Ft. Knox restores World War II era barracks, opens building for tours
FT. KNOX, Ky. (WDRB) -- Ft. Knox has preserved an important part of its history and put it on display for the world to see. WDRB went inside the new exhibit that comes complete with its own ghost story.
The Patton Museum here at Ft. Knox contains hundreds of military artifacts. But the latest, the biggest, and potentially, the most popular, is actually a building.
"Oh, this is much more than a building. It's not just a building," said retired U.S. Army Col. Mike Weaver.
This is a legacy from the greatest generation. A restoration of a World War II era barracks.
Everything is authentic, from the bunks and blankets, to the footlockers, the walls, even the plumbing -- all recovered from barracks at Ft. Knox and elsewhere.
Retired Army Col. Mike Weaver is behind the restoration project. "It needed to be original, and this is about as original you can get. And it tells a tremendous story," said Weaver.
Originally built during World War II , barracks like this one were home to millions of draftees.
This building was saved from demolition and moved to the Patton Museum. "There were over 30,000 temporary structures like this built across the United States from 1940 to 1945, and over a thousand of these here at Ft. Knox. Now, there's one. And here it is," said Weaver.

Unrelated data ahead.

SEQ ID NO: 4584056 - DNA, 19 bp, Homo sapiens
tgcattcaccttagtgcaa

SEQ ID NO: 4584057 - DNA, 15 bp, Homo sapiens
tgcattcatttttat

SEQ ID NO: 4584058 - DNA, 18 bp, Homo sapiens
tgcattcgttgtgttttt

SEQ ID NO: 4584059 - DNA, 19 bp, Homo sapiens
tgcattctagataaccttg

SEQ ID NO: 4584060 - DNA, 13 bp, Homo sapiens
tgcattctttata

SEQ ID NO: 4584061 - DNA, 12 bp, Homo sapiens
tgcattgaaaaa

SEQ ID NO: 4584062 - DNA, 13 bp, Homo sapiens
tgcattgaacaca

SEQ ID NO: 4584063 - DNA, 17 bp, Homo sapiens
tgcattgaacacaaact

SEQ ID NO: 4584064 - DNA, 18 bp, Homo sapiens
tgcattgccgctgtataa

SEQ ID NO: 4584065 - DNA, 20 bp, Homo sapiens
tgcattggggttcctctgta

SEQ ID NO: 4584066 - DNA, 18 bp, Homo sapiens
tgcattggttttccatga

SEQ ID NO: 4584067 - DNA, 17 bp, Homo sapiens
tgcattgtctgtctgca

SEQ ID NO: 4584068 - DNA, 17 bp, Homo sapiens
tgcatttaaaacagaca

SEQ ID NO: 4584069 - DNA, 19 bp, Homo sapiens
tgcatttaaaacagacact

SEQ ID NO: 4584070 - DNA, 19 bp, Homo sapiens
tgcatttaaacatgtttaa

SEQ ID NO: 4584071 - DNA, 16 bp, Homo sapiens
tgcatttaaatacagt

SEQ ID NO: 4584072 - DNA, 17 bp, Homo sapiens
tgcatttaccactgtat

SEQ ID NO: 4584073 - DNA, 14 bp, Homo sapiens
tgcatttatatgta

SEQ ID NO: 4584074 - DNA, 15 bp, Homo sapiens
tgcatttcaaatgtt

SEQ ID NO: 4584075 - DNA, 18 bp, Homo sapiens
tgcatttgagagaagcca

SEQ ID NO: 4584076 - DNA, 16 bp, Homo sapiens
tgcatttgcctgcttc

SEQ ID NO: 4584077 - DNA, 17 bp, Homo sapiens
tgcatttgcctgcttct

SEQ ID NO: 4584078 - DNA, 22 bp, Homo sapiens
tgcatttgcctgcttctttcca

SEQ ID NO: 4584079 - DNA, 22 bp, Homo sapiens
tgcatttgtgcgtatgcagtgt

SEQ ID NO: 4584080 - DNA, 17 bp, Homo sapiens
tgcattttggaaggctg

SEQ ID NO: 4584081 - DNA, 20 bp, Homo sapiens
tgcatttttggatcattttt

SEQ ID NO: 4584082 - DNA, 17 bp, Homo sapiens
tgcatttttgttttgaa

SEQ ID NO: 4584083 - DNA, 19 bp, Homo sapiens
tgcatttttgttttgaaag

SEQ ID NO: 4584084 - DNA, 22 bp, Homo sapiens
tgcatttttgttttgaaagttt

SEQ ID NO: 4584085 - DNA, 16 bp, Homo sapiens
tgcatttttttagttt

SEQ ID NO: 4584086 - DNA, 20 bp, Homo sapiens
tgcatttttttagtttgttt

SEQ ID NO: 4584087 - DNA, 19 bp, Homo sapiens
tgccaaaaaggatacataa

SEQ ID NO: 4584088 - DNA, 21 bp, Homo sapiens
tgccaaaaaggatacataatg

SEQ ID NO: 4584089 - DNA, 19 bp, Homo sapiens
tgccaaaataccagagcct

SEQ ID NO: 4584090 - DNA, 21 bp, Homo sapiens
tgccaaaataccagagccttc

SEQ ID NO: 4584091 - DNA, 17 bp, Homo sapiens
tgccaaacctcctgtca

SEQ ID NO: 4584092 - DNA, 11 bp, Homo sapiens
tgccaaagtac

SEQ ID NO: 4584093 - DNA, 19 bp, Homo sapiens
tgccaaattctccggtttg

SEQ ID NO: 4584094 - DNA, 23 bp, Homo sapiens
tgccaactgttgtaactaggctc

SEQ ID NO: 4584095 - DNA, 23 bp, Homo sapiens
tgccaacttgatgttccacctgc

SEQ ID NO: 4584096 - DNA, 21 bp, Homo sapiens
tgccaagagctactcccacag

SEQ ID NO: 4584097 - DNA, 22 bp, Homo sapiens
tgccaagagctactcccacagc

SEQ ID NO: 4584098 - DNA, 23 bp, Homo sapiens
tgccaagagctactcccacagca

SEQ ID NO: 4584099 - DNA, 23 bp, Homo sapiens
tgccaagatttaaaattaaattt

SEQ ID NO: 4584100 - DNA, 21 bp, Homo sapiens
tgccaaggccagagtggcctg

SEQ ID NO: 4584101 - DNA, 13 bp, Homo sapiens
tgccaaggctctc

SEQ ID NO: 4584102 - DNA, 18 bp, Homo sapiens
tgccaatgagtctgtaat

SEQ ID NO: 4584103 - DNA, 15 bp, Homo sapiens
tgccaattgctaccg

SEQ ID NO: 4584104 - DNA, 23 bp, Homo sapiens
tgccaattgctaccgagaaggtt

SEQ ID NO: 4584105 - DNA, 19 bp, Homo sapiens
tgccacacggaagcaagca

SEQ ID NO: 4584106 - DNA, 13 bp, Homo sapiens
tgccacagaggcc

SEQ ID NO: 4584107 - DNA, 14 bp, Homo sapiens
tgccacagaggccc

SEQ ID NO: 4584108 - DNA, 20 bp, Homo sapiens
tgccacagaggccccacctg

Weaver spent two and a half years using volunteer labor to restore the building.
The prize feature -- old oaks steps that still bear the boot marks of history. "Soldiers in combat boots walked up and down these steps and rubbed that off. And you see that concave. That's from their footprints, too," said Weaver.
But there is one area that is not yet finished -- the second floor, where late one night, Weaver says he saw shadows.
"And a low of voice from the depths of somewhere said to me, 'You're not welcome on the second floor.' And I think we need to think where does that voice come from? Is it from a soldier, a sailor, an airman?"
If nothing else, the story adds to the mystique of the piece of history.
"Not many artifacts we have in the collection will I allow people to touch. But this is one where people can actually come in an experience it, and really feel what it was like then," said Nathan Jones, curator of the Patton Museum.
"It's not just a building," said Weaver. "It's a piece of history. It tells a story of sacrifice, patriotism, and leadership."
The barracks is now open to the public. You may click here for information on how you can see it.
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